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Basic Thread Operations in Java

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A casual investigation of the Thread class reveals an assortment of interesting methods for performing basic thread operations. This article by Java expert Jeff Friesen explores several of Thread's methods.
This article is excerpted from Java 2 By Example, Second Edition (Que, 2001), by Jeff Friesen.
This chapter is from the book

This chapter is from the book

A casual investigation of the Thread class reveals an assortment of interesting methods for performing basic thread operations. Some of those methods are deprecated (and should not be used). However, other methods are quite useful and can simplify working with threads. This article explores several of Thread's methods.

Thread Naming

All threads have names. By default, those names consist of the word Thread followed by a hyphen character (-), followed by an integer number starting at 0. You can introduce your own names by working with the setName() and getName() methods. Those methods make it possible to attach a name to a thread and retrieve a thread's current name, respectively. That name can be useful for debugging purposes.

The setName() method takes a String argument that identifies a thread. Similarly, the getName() method returns that name as a String. The ThreadDemo3 source code in Listing 1 demonstrates those methods.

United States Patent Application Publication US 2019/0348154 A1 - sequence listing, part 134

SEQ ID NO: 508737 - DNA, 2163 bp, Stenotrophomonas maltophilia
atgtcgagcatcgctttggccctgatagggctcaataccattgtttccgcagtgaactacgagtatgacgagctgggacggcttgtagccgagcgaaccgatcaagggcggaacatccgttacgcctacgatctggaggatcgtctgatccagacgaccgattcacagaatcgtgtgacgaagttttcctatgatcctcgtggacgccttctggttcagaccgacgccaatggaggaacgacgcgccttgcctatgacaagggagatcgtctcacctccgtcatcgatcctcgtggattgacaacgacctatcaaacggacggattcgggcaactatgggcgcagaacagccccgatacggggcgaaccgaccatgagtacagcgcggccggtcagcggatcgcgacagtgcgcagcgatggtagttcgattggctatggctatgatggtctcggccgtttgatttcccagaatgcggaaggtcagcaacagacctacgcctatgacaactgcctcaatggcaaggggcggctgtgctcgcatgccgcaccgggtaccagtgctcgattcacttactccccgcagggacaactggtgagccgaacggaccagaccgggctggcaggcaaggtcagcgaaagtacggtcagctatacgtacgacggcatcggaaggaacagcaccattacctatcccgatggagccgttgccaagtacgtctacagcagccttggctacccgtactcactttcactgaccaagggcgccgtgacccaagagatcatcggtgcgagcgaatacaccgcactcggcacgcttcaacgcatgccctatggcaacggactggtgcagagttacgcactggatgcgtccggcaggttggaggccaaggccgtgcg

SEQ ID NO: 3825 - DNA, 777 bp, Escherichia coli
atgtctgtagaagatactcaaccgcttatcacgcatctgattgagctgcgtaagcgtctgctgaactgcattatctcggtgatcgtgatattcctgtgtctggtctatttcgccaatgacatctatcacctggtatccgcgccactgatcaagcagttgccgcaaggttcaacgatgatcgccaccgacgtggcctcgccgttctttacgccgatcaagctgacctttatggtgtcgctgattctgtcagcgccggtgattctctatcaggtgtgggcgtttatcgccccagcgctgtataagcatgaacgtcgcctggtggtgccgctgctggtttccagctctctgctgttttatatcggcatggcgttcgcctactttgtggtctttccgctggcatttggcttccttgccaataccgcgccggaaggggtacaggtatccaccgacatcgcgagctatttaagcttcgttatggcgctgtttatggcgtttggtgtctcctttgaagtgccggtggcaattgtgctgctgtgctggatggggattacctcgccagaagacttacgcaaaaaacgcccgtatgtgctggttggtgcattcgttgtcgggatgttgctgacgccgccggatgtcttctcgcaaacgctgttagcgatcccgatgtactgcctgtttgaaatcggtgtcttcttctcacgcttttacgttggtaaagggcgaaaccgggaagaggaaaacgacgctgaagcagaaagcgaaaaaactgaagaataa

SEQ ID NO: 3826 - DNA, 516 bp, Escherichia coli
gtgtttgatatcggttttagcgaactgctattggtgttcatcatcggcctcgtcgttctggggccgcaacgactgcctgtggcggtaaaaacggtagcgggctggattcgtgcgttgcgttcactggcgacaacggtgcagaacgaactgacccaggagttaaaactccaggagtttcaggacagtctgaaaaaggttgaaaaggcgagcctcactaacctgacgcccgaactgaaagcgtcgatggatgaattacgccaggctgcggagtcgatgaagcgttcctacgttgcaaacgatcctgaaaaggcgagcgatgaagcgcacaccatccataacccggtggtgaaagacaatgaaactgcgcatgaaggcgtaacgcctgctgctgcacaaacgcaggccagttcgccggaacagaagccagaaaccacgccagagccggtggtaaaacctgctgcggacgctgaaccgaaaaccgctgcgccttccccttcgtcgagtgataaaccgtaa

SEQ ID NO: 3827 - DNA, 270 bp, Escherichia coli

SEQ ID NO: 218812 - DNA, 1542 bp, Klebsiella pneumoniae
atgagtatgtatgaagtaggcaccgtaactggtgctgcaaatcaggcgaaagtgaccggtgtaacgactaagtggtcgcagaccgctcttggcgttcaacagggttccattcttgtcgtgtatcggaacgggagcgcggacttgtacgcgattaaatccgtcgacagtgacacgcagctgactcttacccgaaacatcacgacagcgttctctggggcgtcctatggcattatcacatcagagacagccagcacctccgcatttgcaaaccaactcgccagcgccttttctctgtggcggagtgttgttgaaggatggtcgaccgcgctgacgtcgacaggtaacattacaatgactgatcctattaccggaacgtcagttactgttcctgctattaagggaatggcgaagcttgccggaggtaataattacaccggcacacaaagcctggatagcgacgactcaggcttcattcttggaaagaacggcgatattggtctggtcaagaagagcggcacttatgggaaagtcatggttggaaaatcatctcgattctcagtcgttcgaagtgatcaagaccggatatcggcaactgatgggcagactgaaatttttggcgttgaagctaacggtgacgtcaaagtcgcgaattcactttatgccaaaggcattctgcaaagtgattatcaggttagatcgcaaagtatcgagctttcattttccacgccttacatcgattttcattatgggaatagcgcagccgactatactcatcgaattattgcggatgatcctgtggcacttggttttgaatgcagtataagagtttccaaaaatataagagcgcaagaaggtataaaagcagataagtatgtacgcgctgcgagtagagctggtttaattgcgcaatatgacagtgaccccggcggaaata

Listing 1: ThreadDemo3.java.

// ThreadDemo3.java

class MyThread extends Thread
{
  MyThread (String name)
  {
   setName (name);
  }

  public void run ()
  {
   System.out.println ("Name = " + getName ());

   for (int i = 0; i < 20; i++)
      System.out.println ("i = " + i);
  }
}

class ThreadDemo3 extends Thread
{
  public static void main (String [] args)
  {
   MyThread mt = new MyThread ("My Thread");
   mt.start ();

   for (int j = 0; j < 20; j++)
      System.out.println ("j = " + j);
  }
}

ThreadDemo3's main() method creates a MyThread object, and initializes that object by passing My Thread to MyThread's constructor. In turn, that constructor calls setName() to assign My Thread as the name of a MyThread thread. Later, after the new thread has started, it prints out that name in its run() method by first calling getName() to retrieve that name.

Four of Thread's constructors support initializing Thread objects with names. Those constructors include Thread(String name) and Thread(Runnable target, String name). The following code fragment initializes a MyThread object with a name by calling the Thread(String name) constructor instead of by calling setName():

MyThread (String name)
{
  super (name);
}
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